Jennifer Marks -- Home Textiles Today, November 1, 2004
In a little less than 10 weeks, the final set of quota protections on textiles will drop, and the question that has bedeviled the industry in the United States and many other parts of the world has concerned China. Specifically, how far can China's textiles businesses grow their U.S. market share and how fast?
A partial answer arrived last week in the form of an announcement by the China National Textile and Apparel Council — the national federation of all textiles, apparel and home textiles industries. CNTAC and its affiliate, China Textile Network Co., represent 50,000 companies and some 300,000 factories manufacturing home textiles, apparel and other textiles goods.
According to their new joint venture partner in the United States, China's exports to America of “fashion product” alone are expected to jump about 188 percent in the months after quota drops — from roughly $2.5 billion today to $7.2 billion.
I'm not going to get into the issue of pre-emptive safeguards here, nor the efforts on the part of some U.S. groups to enact them on several categories of goods. And I'm certainly not going to speculate about whether their efforts will be successful.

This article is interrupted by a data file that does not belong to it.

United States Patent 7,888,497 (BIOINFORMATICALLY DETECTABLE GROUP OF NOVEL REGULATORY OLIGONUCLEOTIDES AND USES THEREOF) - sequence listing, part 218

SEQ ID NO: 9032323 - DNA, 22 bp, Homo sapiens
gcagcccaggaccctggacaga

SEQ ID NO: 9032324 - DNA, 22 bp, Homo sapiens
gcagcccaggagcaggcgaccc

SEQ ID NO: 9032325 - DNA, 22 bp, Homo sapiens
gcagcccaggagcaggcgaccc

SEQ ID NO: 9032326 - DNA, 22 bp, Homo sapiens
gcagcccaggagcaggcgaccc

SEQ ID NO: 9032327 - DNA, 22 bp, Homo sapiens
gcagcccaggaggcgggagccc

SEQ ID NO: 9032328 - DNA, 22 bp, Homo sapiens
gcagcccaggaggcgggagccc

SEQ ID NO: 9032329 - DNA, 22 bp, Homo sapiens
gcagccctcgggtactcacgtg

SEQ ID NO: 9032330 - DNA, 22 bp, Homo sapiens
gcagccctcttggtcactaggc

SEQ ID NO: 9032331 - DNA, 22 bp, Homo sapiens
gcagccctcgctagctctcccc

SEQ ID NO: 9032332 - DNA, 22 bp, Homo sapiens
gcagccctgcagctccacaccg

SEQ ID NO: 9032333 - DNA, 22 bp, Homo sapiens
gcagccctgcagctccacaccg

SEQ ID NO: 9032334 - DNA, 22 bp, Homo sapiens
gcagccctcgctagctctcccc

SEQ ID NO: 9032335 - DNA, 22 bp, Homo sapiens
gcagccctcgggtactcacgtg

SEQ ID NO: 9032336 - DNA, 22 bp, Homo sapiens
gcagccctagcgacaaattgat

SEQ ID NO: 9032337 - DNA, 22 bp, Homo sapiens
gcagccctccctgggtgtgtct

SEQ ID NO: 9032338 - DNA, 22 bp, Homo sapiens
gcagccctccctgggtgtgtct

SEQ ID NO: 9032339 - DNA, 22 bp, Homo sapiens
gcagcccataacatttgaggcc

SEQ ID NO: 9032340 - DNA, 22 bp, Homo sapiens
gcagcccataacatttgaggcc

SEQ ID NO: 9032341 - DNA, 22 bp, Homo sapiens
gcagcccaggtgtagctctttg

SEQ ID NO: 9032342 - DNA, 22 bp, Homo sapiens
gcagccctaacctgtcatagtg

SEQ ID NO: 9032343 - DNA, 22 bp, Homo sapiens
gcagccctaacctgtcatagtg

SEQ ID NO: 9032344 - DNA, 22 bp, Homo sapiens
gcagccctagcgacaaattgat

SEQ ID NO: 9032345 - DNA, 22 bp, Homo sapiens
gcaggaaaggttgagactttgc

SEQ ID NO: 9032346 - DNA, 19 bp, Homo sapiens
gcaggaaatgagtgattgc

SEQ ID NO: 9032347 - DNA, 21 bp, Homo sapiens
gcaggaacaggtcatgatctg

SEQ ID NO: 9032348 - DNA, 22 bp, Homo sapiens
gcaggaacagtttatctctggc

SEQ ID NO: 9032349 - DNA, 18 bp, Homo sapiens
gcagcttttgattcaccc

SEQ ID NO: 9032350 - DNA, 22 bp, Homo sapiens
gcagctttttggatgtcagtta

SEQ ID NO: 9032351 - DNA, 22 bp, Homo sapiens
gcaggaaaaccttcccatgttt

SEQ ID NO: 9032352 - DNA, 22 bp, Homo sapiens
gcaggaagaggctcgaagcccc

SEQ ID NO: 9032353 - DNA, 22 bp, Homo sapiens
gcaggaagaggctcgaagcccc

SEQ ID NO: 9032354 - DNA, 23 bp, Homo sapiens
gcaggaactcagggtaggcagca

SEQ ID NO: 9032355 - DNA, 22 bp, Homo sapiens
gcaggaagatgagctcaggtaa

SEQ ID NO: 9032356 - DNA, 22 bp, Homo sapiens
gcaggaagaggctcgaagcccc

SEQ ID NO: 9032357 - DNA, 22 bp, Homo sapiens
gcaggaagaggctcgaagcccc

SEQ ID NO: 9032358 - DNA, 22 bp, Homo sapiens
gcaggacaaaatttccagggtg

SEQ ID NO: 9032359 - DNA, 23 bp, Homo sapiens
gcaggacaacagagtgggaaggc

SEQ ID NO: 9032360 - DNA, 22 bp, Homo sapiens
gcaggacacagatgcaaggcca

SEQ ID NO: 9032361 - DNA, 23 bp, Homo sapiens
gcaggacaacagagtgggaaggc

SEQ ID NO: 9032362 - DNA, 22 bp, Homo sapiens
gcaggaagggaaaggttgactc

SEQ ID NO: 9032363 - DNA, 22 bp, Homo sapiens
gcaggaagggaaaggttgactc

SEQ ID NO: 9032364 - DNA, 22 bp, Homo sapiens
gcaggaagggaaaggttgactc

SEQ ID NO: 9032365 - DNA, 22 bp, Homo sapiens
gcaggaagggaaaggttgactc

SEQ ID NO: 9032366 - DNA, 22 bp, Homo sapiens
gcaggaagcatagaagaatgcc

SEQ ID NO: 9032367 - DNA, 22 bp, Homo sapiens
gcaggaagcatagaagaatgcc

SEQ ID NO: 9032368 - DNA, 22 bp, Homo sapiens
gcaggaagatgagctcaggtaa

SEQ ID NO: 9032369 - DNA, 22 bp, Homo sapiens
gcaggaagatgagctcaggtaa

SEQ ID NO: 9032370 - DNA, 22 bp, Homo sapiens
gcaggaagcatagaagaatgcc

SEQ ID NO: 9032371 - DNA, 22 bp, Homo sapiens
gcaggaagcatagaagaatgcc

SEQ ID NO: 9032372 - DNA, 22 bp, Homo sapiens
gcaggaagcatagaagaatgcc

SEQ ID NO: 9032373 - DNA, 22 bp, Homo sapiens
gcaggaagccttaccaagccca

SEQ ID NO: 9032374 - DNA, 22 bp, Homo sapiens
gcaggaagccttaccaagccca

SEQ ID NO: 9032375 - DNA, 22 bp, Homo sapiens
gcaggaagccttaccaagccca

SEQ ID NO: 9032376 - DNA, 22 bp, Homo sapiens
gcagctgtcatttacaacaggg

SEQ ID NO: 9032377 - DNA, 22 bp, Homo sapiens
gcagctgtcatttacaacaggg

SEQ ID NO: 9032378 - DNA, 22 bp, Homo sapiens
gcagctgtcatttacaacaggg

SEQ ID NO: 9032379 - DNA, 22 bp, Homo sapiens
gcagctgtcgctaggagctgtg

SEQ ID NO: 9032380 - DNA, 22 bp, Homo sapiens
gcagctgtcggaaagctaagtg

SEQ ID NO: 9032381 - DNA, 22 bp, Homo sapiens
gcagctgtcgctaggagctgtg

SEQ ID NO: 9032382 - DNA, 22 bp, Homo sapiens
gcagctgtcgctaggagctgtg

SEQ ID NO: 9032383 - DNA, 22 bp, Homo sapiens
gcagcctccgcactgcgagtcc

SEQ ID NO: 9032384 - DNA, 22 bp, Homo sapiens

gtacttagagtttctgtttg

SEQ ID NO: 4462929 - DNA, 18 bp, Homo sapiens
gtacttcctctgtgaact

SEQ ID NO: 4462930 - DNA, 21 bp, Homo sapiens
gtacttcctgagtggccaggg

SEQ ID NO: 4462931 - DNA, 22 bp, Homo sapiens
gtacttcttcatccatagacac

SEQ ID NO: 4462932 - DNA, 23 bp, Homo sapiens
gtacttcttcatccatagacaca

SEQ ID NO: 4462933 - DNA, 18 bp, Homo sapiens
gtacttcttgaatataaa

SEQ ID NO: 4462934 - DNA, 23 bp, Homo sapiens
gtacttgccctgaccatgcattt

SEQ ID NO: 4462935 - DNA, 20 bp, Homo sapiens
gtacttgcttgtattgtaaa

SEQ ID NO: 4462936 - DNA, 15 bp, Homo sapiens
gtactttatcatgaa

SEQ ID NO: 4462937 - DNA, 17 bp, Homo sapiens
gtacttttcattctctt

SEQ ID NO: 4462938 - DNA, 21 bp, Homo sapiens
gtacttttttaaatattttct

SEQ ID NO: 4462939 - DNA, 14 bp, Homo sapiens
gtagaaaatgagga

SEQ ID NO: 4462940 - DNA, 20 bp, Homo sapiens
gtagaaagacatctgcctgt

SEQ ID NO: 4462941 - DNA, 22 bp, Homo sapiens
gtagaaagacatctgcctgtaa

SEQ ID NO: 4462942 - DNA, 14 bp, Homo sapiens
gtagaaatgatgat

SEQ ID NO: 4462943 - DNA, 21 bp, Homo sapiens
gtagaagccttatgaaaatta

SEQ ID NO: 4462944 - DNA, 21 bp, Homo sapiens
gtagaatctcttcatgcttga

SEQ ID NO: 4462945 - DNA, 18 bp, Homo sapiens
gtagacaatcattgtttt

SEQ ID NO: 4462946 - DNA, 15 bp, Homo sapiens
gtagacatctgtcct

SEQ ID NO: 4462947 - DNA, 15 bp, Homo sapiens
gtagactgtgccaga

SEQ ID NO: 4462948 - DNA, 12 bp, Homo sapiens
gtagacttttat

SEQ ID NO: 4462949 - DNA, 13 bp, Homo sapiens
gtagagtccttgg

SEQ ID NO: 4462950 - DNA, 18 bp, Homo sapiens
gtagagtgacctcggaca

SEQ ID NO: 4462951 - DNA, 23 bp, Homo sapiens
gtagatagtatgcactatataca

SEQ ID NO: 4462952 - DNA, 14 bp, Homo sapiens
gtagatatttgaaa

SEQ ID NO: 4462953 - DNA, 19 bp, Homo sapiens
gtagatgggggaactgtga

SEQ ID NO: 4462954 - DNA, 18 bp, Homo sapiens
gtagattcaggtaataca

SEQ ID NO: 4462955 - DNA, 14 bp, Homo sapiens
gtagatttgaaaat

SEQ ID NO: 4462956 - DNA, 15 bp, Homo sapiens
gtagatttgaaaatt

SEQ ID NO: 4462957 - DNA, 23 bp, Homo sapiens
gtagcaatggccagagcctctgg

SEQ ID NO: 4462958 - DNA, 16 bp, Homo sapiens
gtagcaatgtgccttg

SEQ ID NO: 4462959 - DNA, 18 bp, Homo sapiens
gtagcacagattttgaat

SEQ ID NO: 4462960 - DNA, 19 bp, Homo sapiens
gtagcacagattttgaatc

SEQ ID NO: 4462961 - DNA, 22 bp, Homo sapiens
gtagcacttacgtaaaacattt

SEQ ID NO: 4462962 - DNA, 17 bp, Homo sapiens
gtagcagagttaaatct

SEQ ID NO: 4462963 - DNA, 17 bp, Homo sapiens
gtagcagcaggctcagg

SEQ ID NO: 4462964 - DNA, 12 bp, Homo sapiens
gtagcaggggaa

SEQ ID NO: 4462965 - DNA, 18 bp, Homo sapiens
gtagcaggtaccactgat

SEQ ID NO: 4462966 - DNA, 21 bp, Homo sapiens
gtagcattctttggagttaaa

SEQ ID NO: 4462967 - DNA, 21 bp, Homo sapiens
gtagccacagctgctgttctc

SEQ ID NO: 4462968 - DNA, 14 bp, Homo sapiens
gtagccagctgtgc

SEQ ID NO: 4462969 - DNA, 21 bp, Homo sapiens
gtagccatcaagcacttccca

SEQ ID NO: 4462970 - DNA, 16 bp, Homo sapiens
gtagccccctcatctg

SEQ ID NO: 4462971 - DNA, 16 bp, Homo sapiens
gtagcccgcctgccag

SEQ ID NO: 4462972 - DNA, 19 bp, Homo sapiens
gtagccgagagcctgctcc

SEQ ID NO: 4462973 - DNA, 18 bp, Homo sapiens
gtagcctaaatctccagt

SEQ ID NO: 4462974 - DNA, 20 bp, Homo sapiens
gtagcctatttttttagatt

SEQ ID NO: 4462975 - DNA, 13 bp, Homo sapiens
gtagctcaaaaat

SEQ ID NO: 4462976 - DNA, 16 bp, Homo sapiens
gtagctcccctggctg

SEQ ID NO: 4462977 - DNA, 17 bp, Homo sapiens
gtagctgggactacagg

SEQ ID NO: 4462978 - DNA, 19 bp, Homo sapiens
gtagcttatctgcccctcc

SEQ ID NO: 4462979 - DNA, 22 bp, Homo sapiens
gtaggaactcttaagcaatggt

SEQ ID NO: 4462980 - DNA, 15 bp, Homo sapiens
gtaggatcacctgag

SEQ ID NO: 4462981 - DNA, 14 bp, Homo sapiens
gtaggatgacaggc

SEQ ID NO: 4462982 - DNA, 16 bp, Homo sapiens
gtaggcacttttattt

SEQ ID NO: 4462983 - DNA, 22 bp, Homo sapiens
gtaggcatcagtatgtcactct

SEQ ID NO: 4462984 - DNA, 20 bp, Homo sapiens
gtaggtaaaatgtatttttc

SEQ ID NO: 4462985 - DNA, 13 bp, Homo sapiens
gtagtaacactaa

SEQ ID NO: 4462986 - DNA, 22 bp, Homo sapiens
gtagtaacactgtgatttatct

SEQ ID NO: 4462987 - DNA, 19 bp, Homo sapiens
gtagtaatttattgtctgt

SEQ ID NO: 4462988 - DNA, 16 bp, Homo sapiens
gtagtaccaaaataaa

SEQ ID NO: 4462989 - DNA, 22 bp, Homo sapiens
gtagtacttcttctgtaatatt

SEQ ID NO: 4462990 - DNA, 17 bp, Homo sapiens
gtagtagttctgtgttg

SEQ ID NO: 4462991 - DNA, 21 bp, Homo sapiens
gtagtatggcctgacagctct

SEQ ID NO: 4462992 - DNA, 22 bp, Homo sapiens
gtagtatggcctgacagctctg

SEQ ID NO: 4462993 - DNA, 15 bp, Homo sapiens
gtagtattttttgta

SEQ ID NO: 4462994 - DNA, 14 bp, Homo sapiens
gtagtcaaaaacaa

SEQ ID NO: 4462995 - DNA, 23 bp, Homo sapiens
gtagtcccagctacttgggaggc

However it shakes out, one question that has arisen frequently is how China's collection of factories — many of them very small — will take advantage of the quota-free world. CNTAC is trying to help them along with its new joint venture, which last week was created as CNTextile JV to provide e-market trading, technology integration, training, production placement, production monitoring, trading company services and cross-continent investment.
Ambitious, certainly. Will all 300,000 factories represented by the council participate? Probably not. For one thing, there's a real technology gap between the leaders and the small fry — differences that are truly generational in scope.
There's also the on-going problem of electricity blackouts in some parts of the country. Once the lights go out, it doesn't matter how many orders the factory is getting through the joint venture portal.
Finally, as anyone who has sourced from abroad will attest, there's no substitute for having feet on the ground at the factory level.
But it is intriguing as an example of a government initiative to lift all players into the modern era. And I'm sure some companies — probably many companies — will do business with it. But it's hard to imagine this as the ultimate link to the factories of China's hinterlands.
But then again, the Red Sox won the series — so anything is possible.
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